You can even co-create your own badge!

At the start of this project, I hadn’t realised that it is also possible to develop a separate and unique badge. Whilst working with WPD, we were considering designing a specific Power-Cut Badge that would have supported Cubs in learning about what to do in the event of a power cut and helping their friends and family be prepared!


Here are some of the energy challenges our communities face now, and some of the areas that scouts might be interested in:

  • Energy literacy
  • Climate change
  • Carbon emissions
  • Energy safety awareness
  • How communities benefit from renewables
  • Energy efficiency and energy storage projects
  • Fuel poverty and support for vulnerable people
  • Increasing energy bills


Some things you might want to think about if you are planning to work with a scouting group:

  • Awareness of Safeguarding issues: It is important that young people are protected from harm and this is taken seriously by the Scouting Association. This is a link to their policy.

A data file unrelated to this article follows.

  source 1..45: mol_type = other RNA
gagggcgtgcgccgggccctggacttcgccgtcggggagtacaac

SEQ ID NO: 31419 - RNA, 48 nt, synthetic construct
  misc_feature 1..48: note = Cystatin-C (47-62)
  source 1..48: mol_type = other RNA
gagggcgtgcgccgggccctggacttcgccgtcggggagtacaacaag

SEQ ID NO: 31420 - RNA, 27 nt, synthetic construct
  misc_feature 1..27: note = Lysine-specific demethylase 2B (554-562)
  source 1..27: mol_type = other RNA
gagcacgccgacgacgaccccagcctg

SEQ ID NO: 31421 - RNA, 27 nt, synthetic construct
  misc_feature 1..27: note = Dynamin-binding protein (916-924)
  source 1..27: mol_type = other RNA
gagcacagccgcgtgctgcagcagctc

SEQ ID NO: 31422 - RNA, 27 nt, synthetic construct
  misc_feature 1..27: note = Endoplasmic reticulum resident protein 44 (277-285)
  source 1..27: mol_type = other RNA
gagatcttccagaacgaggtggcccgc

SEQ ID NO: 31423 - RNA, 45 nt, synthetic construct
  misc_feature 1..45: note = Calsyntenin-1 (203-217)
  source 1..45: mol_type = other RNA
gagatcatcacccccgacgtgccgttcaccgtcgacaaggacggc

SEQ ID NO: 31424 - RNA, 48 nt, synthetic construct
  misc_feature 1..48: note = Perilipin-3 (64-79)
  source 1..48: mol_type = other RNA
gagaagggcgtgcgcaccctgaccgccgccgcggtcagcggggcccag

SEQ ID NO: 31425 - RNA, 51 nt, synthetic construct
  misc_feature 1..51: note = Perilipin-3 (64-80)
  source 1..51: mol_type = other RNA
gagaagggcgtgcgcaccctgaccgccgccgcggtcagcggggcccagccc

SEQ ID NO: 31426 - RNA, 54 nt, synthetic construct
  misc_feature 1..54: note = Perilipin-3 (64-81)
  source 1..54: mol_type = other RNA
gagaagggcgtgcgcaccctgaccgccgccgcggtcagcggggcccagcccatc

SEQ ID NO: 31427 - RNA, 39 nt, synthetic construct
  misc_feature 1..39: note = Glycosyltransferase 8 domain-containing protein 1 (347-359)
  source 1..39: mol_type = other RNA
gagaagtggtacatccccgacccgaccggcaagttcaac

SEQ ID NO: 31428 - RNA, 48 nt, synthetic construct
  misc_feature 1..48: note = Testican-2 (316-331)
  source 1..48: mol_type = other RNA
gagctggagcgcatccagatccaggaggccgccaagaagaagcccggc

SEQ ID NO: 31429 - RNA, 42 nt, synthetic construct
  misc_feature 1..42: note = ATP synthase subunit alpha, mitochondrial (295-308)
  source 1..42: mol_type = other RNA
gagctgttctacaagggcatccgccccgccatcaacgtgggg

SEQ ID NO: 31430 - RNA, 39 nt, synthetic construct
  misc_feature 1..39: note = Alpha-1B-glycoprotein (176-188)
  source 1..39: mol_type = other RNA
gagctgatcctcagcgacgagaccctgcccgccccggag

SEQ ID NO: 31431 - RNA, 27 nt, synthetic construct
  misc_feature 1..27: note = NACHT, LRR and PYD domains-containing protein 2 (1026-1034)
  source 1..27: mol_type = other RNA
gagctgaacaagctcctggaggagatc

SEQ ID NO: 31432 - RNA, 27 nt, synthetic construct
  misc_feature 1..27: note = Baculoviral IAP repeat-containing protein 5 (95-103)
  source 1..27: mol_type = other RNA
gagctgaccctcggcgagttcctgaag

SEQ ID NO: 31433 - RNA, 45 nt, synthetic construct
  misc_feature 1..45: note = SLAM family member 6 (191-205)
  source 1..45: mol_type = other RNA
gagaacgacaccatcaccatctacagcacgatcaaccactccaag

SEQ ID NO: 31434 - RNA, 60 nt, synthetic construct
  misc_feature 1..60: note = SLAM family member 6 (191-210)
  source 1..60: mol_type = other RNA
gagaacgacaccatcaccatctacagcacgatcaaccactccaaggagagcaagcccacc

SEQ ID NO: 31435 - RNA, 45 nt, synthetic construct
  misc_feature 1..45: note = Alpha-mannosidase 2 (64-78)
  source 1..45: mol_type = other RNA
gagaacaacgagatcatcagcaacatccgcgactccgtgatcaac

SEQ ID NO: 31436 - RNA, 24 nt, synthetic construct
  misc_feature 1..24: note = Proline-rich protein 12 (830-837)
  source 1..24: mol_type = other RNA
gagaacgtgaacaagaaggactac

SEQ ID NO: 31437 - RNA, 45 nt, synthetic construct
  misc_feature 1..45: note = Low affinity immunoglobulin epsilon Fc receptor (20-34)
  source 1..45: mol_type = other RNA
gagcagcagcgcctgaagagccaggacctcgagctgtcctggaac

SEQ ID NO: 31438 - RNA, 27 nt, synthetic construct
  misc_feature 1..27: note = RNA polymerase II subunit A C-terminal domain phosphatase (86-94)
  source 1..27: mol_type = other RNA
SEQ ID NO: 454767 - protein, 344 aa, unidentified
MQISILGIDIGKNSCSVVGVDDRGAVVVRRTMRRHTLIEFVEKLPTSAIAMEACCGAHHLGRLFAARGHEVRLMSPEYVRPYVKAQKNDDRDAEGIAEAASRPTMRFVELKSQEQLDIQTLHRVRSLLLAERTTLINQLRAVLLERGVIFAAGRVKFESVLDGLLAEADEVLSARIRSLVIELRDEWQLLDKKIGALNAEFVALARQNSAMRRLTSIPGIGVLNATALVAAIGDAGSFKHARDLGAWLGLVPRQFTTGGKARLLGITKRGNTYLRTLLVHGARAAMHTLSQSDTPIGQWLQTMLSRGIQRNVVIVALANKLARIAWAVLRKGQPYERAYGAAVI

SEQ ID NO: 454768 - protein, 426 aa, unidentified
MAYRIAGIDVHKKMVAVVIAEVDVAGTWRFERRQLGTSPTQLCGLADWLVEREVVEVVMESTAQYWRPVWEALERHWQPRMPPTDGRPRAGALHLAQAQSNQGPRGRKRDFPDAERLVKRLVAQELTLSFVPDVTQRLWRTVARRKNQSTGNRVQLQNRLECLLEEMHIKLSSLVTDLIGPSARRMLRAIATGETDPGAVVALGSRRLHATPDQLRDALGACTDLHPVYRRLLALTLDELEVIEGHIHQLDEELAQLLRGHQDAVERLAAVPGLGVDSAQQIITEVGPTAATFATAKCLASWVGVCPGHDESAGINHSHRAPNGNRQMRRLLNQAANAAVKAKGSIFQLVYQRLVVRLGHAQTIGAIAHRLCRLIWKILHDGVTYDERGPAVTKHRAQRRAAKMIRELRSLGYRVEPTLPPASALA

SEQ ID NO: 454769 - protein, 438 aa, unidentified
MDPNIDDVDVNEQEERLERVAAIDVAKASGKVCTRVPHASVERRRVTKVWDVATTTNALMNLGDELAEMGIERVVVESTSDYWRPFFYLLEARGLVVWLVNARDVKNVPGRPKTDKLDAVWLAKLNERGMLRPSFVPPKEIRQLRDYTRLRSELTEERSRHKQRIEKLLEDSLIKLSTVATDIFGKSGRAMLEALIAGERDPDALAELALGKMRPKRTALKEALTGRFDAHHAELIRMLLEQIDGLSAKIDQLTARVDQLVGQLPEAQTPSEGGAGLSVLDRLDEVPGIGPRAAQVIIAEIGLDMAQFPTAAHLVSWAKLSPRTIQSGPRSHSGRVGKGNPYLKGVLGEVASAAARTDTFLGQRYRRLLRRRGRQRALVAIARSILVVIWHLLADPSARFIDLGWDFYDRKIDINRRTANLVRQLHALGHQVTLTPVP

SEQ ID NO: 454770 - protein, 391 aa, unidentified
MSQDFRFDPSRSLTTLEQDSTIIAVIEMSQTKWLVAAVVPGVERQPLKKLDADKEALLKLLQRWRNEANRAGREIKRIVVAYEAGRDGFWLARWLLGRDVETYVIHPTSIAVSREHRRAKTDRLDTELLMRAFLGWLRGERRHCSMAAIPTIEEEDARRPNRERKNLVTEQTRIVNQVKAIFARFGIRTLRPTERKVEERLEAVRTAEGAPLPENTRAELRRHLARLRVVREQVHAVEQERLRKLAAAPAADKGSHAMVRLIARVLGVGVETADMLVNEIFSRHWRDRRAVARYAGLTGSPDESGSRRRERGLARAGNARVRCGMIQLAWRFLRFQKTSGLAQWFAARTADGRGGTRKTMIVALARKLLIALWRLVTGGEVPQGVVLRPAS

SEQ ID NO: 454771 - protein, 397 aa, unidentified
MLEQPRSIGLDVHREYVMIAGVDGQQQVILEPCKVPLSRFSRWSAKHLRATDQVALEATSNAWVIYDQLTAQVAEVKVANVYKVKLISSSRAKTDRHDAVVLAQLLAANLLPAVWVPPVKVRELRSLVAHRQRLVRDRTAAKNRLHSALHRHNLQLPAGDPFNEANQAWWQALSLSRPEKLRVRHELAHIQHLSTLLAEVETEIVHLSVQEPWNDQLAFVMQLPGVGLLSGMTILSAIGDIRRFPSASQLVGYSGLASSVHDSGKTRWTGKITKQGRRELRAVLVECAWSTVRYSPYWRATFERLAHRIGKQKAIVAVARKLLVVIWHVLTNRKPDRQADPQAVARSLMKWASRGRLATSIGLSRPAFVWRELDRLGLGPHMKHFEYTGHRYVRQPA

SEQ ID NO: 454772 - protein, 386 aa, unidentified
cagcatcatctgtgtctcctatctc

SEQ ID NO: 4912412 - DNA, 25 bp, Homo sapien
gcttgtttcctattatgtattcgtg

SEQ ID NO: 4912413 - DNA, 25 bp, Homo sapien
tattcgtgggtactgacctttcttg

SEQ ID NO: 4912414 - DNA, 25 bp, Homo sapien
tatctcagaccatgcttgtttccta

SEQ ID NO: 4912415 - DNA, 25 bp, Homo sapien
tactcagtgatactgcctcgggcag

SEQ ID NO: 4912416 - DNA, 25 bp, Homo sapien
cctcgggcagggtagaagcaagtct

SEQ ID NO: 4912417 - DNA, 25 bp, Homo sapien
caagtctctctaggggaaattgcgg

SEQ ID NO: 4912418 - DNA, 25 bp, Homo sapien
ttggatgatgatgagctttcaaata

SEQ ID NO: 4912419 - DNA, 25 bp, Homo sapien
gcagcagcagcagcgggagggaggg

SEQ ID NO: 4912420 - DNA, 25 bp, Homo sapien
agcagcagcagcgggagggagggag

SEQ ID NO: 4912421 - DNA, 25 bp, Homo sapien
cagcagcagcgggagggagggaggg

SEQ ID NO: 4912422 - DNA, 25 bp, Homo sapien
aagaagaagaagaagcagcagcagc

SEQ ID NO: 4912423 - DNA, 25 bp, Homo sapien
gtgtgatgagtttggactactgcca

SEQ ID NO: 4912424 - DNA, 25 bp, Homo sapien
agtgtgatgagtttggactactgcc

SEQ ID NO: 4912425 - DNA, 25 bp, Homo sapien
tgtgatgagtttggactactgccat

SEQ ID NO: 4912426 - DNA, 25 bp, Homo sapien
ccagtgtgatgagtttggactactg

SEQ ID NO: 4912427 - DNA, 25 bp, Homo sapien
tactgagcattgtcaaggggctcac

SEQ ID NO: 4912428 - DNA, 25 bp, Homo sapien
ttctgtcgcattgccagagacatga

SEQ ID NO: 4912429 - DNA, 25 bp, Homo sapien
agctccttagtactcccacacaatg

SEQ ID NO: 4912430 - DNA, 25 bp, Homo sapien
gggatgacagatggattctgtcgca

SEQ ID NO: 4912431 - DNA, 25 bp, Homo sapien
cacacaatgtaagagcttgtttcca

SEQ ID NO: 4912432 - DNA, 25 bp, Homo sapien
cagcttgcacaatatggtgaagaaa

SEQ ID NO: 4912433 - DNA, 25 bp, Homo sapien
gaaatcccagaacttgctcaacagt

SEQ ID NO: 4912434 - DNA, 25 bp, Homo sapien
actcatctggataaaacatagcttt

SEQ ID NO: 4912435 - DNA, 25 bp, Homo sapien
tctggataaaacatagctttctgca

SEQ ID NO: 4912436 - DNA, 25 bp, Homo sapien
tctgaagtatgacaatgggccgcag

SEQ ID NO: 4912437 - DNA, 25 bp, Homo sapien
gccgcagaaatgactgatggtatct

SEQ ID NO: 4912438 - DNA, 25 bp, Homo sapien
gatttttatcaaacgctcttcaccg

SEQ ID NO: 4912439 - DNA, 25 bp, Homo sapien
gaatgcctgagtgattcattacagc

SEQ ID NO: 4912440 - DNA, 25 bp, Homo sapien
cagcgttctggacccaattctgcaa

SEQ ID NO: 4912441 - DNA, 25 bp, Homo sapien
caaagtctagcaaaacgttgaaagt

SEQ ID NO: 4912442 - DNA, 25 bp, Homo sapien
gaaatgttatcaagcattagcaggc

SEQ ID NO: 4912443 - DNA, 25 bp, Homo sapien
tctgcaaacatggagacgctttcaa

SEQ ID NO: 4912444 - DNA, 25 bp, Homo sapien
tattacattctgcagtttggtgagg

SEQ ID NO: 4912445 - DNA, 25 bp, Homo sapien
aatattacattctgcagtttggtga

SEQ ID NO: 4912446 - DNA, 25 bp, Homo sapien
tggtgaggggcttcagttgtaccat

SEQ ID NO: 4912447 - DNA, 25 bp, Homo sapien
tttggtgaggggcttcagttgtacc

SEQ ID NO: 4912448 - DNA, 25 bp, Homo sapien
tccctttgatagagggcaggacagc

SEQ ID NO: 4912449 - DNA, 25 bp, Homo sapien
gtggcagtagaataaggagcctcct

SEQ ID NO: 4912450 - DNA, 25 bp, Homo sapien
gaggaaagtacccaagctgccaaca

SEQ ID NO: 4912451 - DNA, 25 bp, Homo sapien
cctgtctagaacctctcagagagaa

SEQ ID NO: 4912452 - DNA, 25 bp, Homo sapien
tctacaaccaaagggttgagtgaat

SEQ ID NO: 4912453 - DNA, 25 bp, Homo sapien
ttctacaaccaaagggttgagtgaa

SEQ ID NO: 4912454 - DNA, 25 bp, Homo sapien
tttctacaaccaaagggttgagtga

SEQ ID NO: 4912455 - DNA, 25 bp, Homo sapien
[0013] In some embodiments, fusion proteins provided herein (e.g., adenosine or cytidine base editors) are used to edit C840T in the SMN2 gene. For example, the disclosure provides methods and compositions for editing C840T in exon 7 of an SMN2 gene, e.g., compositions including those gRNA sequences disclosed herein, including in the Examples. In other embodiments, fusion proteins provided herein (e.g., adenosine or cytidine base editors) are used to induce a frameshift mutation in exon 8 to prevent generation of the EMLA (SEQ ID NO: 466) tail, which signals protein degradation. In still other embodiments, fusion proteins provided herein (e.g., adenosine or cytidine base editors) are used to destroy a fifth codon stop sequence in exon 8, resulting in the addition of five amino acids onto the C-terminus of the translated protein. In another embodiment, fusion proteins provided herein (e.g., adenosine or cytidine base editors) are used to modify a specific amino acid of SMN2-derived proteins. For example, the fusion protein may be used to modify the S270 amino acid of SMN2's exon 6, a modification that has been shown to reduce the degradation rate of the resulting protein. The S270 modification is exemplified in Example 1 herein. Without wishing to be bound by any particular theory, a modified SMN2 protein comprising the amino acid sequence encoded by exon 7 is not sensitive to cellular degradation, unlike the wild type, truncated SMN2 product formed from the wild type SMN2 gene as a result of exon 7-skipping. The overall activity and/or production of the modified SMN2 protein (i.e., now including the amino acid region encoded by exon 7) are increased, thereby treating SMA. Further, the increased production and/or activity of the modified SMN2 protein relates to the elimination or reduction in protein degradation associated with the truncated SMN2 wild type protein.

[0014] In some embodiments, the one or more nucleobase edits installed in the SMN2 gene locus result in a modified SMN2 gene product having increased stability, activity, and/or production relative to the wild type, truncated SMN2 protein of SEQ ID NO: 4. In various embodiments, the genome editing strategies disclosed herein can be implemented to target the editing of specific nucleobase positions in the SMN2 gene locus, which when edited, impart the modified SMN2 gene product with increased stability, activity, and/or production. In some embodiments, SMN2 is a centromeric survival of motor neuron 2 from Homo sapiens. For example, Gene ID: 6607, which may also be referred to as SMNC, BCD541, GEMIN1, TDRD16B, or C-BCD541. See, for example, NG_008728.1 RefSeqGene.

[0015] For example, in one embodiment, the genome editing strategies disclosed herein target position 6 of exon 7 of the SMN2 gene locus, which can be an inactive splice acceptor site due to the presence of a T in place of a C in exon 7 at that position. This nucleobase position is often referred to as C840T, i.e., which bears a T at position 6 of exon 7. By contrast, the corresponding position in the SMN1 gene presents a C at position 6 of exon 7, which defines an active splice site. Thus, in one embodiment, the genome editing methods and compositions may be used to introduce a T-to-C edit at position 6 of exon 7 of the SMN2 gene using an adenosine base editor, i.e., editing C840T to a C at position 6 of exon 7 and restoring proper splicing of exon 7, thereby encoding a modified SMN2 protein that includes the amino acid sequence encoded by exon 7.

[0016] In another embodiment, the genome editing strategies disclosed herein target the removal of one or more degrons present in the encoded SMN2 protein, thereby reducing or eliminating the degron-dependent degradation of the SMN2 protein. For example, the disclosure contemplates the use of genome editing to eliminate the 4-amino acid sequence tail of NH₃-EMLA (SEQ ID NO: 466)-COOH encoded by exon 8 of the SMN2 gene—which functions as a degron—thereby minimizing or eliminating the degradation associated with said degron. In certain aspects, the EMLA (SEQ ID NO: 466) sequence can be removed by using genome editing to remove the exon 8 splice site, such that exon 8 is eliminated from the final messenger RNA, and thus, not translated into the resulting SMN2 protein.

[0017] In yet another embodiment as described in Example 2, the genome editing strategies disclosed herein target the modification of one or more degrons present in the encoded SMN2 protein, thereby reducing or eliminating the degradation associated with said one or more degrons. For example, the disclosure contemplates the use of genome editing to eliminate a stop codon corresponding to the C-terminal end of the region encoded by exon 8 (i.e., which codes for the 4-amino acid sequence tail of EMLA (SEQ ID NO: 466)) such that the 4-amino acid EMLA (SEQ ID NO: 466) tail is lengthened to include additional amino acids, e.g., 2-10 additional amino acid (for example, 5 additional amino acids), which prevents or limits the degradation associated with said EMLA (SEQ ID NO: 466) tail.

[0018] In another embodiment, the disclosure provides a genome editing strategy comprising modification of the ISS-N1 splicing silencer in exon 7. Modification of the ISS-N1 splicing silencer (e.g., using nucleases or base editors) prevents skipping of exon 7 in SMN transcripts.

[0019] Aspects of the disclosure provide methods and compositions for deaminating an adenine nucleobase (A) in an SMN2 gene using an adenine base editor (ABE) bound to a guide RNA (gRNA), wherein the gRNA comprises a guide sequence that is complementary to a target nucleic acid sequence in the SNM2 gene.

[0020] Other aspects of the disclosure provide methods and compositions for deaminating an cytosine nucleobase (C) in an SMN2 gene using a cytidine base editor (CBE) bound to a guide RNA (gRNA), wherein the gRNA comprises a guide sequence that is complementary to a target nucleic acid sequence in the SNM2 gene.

• Risk assessments: If you work with scout leaders, they will be aware of their safety responsibilities – you can find out more here
  • Attention spans: the attention span of you people can be quite short – and if running an activity with a scout group you may want to consider a variety of ways to engage them!


Scouting sessions usually run in the evenings fro 1.5-2 hours. If you are planning to deliver a session for scouts, you may want to think about:

  • A short talk and demo
  • A ‘make’ or something ‘hands on’
  • Games! especially physical or funny games


One of the scouting groups I spoke to was Sparkwell Scouts Group. They are hoping to help their scouts earn their environmental protection badge an have planned the following ‘make’ activities to help the scouts learn about renewable energy:


There are a whole load of other energy activity packs online, some of which have been designed for scouts, and may be helpful!